Power sector behemoths Power Grid Corporation of India Limited (Powergrid) and NTPC Limited have come together to form a joint venture (JV) for undertaking distribution operations. The JV company, National Electricity Distribution Company (NEDC), has been set up on a 50:50 equity participation basis. The main aim of NEDC is to undertake electricity distribution and related activities in the states and union territories of India.
The agreement between the two companies was signed in June 2018, but it will be incorporated only after obtaining necessary approvals of the government. While the details of NEDC’s business model are yet to be made official, industry experts believe that it will be a game changer in the distribution segment. Power Line discusses the outlook for NEDC and its impact on the power sector…
The idea of establishing NEDC was conceived about a year ago. A national discom was proposed on the lines of Energy Efficiency Services Limited (EESL), which is a JV of four power sector PSUs – NTPC, Powergrid, Power Finance Corporation and REC Limited.
The creation of a pan-India discom was proposed to aid reforms in the distribution segment, which is facing multiple issues such as high aggregate technical and commercial (AT&C) losses, lack of power procurement bids by discoms despite latent demand, non-cost reflective tariffs and financial imprudence of discoms. While schemes such as the Ujwal Discom Assurance Yojana (UDAY) have helped turn around the segment to an extent, a lot of ground remains to be covered. The financial losses are still high at about Rs 150 billion in 2017-18 though they have reduced by over 60 per cent from Rs 387.77 billion in 2016-17. The AT&C losses of UDAY discoms stand at 18.24 per cent at present, above the targeted 15 per cent loss level anticipated by March 2019.
Expected benefits of NEDC
NEDC can explore different ways to serve the distribution segment. It can obtain a distribution licence or act as an aggregator of power demand and supply. NEDC may also take over operations of weak distribution utilities. As an aggregator of power demand and supply, the company can procure electricity at competitive rates from stressed assets and supply it to discoms. As per ICRA’s estimates, about 40 GW of coal-based capacity is under stress owing to a mix of issues, including the absence of long-term power purchase agreements (PPAs), unviable tariffs, the absence of coal linkages, delays in project implementation, and the inability of promoters to secure funding for projects.
Also, with the impending separation of carriage and content in the distribution segment as proposed in the draft amendments to the Electricity Act, 2003, the NEDC can secure a distribution licence and act as an alternative source of electricity supply for consumers across the country to encourage competition in the distribution segment. However, separation of carriage from content is not expected to be implemented any time soon. Some of the challenges in implementing this measure include segregating losses between wires and supply businesses, subsidy transfers and the cross-subsidisation impact as consumers move from the existing state discoms to the national discom.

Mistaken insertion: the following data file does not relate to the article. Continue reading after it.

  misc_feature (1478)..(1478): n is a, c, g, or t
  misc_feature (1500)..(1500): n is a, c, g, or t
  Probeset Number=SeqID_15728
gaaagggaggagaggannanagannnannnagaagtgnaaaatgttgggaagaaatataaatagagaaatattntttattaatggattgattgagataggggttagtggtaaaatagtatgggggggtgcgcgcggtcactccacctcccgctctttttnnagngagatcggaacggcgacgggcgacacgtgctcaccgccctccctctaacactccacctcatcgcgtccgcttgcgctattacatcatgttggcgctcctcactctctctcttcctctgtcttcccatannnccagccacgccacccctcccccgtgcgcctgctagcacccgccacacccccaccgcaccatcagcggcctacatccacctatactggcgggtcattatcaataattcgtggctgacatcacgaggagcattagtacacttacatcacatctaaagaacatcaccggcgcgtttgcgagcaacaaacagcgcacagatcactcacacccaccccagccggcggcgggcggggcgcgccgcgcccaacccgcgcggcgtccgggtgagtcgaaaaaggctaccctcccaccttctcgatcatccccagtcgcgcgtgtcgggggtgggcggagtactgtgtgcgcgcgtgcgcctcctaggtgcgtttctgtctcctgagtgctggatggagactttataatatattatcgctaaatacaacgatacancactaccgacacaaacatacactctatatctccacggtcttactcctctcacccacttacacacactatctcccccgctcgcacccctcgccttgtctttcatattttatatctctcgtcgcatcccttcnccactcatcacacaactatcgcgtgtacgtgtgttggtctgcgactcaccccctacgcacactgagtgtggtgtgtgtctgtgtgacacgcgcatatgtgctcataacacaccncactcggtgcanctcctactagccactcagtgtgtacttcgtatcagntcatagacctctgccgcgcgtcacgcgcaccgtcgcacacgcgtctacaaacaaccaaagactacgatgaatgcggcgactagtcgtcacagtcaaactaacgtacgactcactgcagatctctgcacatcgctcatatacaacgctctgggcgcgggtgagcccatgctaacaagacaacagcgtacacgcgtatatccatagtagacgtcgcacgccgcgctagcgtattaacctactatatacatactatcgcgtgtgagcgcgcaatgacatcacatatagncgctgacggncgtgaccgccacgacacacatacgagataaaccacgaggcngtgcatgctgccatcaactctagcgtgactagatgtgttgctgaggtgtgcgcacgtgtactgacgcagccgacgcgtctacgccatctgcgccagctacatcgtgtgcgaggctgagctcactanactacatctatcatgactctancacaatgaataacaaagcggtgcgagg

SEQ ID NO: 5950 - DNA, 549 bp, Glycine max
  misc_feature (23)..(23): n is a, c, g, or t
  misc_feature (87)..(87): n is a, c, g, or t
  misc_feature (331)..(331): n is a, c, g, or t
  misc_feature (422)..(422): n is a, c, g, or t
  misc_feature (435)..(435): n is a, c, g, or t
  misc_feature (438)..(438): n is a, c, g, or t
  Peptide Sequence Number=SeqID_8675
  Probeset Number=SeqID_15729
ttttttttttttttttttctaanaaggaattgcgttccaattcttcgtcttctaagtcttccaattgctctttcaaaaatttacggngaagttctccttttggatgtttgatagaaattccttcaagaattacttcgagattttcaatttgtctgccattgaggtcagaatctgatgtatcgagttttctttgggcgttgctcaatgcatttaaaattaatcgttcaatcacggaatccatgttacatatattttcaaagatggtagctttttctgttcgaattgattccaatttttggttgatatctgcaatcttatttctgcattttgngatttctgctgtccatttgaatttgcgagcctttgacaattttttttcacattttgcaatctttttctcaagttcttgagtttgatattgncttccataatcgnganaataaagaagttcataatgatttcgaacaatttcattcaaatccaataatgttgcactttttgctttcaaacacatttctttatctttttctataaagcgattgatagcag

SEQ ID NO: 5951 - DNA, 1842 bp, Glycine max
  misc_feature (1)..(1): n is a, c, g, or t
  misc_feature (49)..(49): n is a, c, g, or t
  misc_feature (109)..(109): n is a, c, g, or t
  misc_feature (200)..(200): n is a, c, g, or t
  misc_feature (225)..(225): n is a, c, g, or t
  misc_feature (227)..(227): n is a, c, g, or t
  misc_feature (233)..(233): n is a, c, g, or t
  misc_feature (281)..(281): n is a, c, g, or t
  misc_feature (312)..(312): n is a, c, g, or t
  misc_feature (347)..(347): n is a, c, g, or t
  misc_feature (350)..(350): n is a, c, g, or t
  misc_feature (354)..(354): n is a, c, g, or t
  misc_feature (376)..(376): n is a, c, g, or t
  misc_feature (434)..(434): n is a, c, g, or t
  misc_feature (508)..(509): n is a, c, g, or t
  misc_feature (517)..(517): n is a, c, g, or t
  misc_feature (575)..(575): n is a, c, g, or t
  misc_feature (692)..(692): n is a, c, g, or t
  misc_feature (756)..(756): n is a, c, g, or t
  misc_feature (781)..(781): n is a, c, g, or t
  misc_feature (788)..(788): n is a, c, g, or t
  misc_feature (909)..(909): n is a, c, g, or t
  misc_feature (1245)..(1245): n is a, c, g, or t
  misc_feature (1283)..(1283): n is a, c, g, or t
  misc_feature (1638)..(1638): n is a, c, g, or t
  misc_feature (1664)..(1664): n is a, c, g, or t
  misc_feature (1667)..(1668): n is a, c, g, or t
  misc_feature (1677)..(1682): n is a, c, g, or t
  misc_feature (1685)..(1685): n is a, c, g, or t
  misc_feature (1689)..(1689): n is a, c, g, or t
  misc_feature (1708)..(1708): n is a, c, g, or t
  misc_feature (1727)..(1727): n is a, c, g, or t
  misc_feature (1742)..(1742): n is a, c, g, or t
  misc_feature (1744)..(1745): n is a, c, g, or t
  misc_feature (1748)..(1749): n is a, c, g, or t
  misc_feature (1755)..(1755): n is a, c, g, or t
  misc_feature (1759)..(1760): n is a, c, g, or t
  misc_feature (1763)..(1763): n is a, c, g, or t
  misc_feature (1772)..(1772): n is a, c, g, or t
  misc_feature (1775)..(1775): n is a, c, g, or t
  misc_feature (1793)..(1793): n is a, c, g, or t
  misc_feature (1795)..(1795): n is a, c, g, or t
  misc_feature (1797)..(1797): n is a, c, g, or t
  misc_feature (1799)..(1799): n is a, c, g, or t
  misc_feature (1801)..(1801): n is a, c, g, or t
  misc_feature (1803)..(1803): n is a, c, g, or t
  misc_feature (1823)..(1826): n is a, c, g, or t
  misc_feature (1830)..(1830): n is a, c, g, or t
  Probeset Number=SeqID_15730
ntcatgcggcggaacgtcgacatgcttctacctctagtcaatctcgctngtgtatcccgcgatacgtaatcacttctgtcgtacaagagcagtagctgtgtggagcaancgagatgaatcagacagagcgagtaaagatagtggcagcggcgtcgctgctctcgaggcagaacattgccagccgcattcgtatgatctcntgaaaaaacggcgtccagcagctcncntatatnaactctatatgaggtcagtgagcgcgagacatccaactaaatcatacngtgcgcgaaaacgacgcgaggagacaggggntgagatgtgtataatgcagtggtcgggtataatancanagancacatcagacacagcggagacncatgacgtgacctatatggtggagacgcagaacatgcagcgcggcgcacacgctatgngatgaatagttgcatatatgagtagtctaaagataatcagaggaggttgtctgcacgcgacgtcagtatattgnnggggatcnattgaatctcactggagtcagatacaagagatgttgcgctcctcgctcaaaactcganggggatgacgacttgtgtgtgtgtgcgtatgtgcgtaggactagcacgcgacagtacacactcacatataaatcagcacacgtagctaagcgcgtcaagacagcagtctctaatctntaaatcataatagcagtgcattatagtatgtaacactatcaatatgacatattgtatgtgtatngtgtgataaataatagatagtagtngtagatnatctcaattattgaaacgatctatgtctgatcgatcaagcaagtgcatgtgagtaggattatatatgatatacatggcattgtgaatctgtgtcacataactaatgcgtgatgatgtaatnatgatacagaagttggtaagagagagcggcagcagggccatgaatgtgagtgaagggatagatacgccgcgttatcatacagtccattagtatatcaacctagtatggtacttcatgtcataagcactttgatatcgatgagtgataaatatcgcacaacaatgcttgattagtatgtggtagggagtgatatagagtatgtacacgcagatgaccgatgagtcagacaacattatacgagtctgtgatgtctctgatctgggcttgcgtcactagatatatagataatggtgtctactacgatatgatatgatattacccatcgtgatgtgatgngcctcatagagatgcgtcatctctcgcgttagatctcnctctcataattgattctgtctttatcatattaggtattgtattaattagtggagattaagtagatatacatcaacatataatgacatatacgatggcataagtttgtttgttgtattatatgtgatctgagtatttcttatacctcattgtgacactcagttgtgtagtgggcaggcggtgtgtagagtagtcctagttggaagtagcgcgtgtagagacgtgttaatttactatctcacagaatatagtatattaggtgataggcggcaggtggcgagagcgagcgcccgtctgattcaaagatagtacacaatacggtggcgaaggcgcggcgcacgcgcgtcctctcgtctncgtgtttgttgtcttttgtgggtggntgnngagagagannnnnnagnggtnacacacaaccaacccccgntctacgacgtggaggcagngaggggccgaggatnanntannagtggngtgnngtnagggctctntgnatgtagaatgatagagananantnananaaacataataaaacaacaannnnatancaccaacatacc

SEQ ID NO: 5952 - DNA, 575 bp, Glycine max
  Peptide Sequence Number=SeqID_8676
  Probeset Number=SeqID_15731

NEDC can also work as a distribution system operator/franchisee to improve distribution operations in areas with high AT&C losses. Franchisees have been fairly successful in certain areas like Bhiwandi and Nagpur in Maharashtra, and Agra in Uttar Pradesh. While the core competencies of the two JV partners NTPC and Powergrid is power generation and transmission respectively, they also have some experience in distribution operations as they have implemented rural electrification works under the erstwhile Rajiv Gandhi Grameen Vidyutikaran Yojana. NTPC also has a power distribution JV with the Kerala Industrial Infrastructure Development Corporation (50:50 shareholding) – KINESCO Power and Utility Private Limited. It is already supplying power to KINFRA-owned industrial theme parks.
The way forward
The role and vision of NEDC is yet to be finalised and approved by NITI Aayog and the Department of Investment and Public Asset Management. It is expected that NTPC and Powergrid will leverage their expertise in the power sector through NEDC. Reports indicate that instead of becoming a distribution utility, it may have a character similar to EESL and will work as a contractor to help improve the performance of existing discoms.
Going forward, more government initiatives are expected in the distribution segment. These include imposing penalty for load shedding, disallowing AT&C losses of over 15 per cent as a pass-through in tariff, phasing out cross-subsidies, and maintaining adequate power supply agreements. The launch of UDAY 2.0 and amendments to the Tariff Policy, 2016 are also expected in the near future.